I'll have an update before 2 pm Sunday afternoon.

Jeff Masters

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563. DFWjc
Quoting FrankZapper:
You kind of had it coming Taz. Use it constructively.


...but i like the New Orleans radar.... better than what we have here....
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Quoting AvidWeatherHound:


I prefer the NC falls where it stays mild thru the end of November. Strange weather this year in NC.


Tropical Storm Lee produced an EF1 tornado on the side of Stone Mountain on Labor Day. I considered that very strange.

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went fishing today and caught zip..come back and see we have a new invest heading to wilmington? great! more rain..
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No change with Ophelia -

AL, 16, 2011092500, , BEST, 0, 181N, 580W, 40, 1007, TS, 34, NEQ, 225, 100, 0, 120, 1011, 165, 50, 0, 0, L, 0, , 0, 0, OPHELIA, M,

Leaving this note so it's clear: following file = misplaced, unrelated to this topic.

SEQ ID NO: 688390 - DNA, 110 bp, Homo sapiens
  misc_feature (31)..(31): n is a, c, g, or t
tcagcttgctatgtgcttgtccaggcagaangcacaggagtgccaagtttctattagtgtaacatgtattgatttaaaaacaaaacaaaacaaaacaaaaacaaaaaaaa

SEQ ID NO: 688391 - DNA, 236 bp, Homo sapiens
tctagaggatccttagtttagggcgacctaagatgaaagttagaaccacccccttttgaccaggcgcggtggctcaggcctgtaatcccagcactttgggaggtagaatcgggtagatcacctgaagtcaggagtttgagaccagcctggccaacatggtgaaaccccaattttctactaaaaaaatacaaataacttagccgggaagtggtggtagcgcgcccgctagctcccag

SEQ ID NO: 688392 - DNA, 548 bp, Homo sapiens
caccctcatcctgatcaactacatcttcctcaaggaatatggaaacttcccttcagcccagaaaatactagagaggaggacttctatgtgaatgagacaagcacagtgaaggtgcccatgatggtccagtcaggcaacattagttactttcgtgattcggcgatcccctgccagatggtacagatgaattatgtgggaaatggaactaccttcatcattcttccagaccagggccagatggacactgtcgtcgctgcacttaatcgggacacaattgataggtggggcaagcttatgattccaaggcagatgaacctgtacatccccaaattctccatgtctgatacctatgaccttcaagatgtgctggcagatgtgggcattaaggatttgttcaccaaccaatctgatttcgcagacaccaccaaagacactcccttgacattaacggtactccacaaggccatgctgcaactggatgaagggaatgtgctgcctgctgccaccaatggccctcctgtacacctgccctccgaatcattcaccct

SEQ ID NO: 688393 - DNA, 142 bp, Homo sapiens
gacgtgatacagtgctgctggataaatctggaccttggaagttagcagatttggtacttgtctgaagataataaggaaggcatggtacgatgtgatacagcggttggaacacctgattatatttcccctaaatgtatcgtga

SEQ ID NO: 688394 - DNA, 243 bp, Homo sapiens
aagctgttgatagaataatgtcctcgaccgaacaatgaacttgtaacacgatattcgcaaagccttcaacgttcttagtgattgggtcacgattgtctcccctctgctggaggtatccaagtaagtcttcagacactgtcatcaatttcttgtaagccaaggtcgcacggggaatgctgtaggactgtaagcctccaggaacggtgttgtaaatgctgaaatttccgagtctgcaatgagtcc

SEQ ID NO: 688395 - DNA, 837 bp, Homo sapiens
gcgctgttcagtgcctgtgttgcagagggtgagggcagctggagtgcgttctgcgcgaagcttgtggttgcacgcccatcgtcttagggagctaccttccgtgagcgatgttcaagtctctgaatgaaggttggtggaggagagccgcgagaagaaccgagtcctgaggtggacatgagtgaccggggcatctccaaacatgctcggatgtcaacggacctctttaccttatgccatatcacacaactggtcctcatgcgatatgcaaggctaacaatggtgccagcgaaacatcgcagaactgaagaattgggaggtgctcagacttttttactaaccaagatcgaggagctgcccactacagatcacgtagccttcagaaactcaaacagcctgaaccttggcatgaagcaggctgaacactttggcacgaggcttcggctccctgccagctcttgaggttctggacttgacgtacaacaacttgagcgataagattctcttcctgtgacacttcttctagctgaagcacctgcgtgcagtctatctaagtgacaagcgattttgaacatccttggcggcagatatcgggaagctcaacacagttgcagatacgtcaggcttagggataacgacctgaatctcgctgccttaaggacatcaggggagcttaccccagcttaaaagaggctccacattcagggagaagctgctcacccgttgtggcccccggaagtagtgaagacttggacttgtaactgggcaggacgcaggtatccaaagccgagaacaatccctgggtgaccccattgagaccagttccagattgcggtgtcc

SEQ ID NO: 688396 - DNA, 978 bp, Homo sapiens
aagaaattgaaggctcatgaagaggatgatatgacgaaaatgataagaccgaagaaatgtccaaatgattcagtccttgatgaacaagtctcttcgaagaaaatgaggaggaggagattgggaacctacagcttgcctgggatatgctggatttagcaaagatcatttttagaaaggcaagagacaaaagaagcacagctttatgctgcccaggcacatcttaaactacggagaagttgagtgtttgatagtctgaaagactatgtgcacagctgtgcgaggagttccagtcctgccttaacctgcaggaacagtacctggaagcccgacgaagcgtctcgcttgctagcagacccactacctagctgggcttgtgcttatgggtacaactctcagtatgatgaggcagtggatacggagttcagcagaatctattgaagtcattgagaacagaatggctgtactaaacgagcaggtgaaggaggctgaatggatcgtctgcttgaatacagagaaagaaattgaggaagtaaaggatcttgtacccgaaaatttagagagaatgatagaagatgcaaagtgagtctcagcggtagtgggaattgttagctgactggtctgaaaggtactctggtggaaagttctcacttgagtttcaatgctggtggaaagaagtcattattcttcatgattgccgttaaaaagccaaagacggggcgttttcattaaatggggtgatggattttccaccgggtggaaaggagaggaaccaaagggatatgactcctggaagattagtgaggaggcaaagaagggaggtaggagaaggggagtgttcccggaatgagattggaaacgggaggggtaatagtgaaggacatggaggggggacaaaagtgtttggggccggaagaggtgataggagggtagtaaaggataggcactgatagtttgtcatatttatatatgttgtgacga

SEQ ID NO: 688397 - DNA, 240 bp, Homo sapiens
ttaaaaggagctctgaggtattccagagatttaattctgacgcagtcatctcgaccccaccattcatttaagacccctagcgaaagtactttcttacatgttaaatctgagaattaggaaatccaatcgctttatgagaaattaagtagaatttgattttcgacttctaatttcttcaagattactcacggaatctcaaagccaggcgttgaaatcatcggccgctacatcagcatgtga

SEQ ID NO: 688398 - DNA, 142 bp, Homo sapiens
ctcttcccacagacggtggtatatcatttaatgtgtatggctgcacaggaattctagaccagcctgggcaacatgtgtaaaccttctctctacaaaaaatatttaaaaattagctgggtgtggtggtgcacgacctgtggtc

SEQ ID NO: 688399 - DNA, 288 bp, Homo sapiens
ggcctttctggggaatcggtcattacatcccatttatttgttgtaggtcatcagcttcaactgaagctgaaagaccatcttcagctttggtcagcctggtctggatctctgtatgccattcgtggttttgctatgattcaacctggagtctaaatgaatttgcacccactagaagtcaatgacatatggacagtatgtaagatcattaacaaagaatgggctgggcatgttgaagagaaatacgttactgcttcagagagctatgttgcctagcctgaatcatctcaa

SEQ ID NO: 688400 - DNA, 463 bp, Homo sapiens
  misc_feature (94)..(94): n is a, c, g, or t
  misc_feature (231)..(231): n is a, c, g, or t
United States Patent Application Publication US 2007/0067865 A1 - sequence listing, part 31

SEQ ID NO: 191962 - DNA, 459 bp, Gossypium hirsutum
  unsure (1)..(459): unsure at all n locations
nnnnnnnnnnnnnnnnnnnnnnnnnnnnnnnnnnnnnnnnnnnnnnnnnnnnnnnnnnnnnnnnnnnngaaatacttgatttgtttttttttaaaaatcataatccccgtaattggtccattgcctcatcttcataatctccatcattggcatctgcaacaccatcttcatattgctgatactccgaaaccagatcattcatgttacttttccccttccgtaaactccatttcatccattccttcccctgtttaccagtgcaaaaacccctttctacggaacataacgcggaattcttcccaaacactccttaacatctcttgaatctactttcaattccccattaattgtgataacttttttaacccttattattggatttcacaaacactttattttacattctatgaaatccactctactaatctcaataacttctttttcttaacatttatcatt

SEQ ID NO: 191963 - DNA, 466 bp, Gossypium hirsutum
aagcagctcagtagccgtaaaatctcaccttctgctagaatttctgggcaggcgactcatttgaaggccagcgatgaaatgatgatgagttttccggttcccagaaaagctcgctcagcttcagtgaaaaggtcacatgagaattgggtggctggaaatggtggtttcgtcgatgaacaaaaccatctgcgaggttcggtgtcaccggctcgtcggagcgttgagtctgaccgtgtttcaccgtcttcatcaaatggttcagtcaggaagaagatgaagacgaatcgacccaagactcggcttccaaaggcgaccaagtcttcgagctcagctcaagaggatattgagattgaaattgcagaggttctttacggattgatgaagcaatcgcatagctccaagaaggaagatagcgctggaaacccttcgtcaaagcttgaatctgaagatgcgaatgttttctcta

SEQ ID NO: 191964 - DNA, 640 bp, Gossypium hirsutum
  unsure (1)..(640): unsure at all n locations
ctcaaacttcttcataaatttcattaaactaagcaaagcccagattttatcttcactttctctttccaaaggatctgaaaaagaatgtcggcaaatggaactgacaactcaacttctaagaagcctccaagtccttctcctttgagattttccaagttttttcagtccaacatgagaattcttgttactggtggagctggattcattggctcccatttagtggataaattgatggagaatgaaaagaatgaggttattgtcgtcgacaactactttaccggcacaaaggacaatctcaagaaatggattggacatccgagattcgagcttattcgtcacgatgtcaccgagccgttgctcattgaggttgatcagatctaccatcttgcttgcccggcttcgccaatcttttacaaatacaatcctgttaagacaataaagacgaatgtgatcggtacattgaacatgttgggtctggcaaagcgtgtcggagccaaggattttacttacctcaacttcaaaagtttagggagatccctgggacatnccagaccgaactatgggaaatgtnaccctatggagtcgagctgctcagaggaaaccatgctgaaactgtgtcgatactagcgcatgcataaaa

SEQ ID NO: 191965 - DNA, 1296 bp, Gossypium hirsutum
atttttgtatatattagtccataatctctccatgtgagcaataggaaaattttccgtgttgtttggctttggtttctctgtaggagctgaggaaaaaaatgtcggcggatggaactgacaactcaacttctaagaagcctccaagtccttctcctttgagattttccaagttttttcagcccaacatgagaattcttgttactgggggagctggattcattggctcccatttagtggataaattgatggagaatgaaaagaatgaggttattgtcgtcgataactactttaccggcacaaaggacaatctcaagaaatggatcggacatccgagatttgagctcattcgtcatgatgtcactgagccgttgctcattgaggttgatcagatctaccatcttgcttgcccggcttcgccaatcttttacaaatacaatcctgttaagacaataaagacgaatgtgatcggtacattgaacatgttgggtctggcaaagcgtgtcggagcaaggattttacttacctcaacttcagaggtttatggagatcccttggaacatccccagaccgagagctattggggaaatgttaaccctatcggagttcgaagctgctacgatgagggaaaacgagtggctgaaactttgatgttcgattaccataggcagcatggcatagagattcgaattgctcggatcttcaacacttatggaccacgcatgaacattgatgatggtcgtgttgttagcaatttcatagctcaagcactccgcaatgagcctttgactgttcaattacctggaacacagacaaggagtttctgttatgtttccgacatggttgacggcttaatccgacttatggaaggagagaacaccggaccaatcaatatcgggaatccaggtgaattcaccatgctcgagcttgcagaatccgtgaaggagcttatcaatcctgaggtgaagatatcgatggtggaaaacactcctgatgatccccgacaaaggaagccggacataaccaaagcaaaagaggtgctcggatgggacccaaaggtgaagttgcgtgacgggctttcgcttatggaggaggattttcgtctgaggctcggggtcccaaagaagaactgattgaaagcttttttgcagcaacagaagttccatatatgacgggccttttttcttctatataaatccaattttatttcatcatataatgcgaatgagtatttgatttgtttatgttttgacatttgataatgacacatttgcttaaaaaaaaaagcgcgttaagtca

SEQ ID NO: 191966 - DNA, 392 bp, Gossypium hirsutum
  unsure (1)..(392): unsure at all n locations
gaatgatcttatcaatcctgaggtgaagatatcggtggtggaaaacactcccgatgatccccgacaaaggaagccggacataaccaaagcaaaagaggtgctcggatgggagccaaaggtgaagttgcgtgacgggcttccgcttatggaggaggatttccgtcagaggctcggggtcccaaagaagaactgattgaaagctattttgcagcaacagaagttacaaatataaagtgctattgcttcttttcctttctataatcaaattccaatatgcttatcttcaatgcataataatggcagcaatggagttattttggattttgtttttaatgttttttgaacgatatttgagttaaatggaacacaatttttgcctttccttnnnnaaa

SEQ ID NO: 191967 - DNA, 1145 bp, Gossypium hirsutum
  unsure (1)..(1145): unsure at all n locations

Member Since: July 6, 2010 Posts: 113 Comments: 32854
Member Since: July 6, 2010 Posts: 113 Comments: 32854
Quoting TropicalAnalystwx13:
The state of North Carolina is going to get really cold late this coming week as a strong Cold Front approaches.

Lows here in the 40s are possible, and I live near the coast.


I prefer the NC falls where it stays mild thru the end of November. Strange weather this year in NC.
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Quoting KoritheMan:


You live in the mountains, I presume?


Northern foothills, right on the east side of the Blue Ridge Mountains.
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Tropical Storm Philippe is very disorganized convective wise (intensity). However, with DMAX coming, count on a significantly improved satellite presentation during the day tomorrow.

Member Since: July 6, 2010 Posts: 113 Comments: 32854
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The state of North Carolina is going to get really cold late this coming week as a strong Cold Front approaches.

Lows here in the 40s are possible, and I live near the coast.
Member Since: July 6, 2010 Posts: 113 Comments: 32854
Quoting bambamwx:
Quoting Tazmanian:
may be it will help if you guys would PLZS stop Quoteing him and larn how too Ignor cat5hurricane: many of us have him on Ignor and mnay of you guys that dont no how too larn how too Ignor him then Quoteing him you guys by Quoteing him are all so bypassing are Ignor list by Quoteing him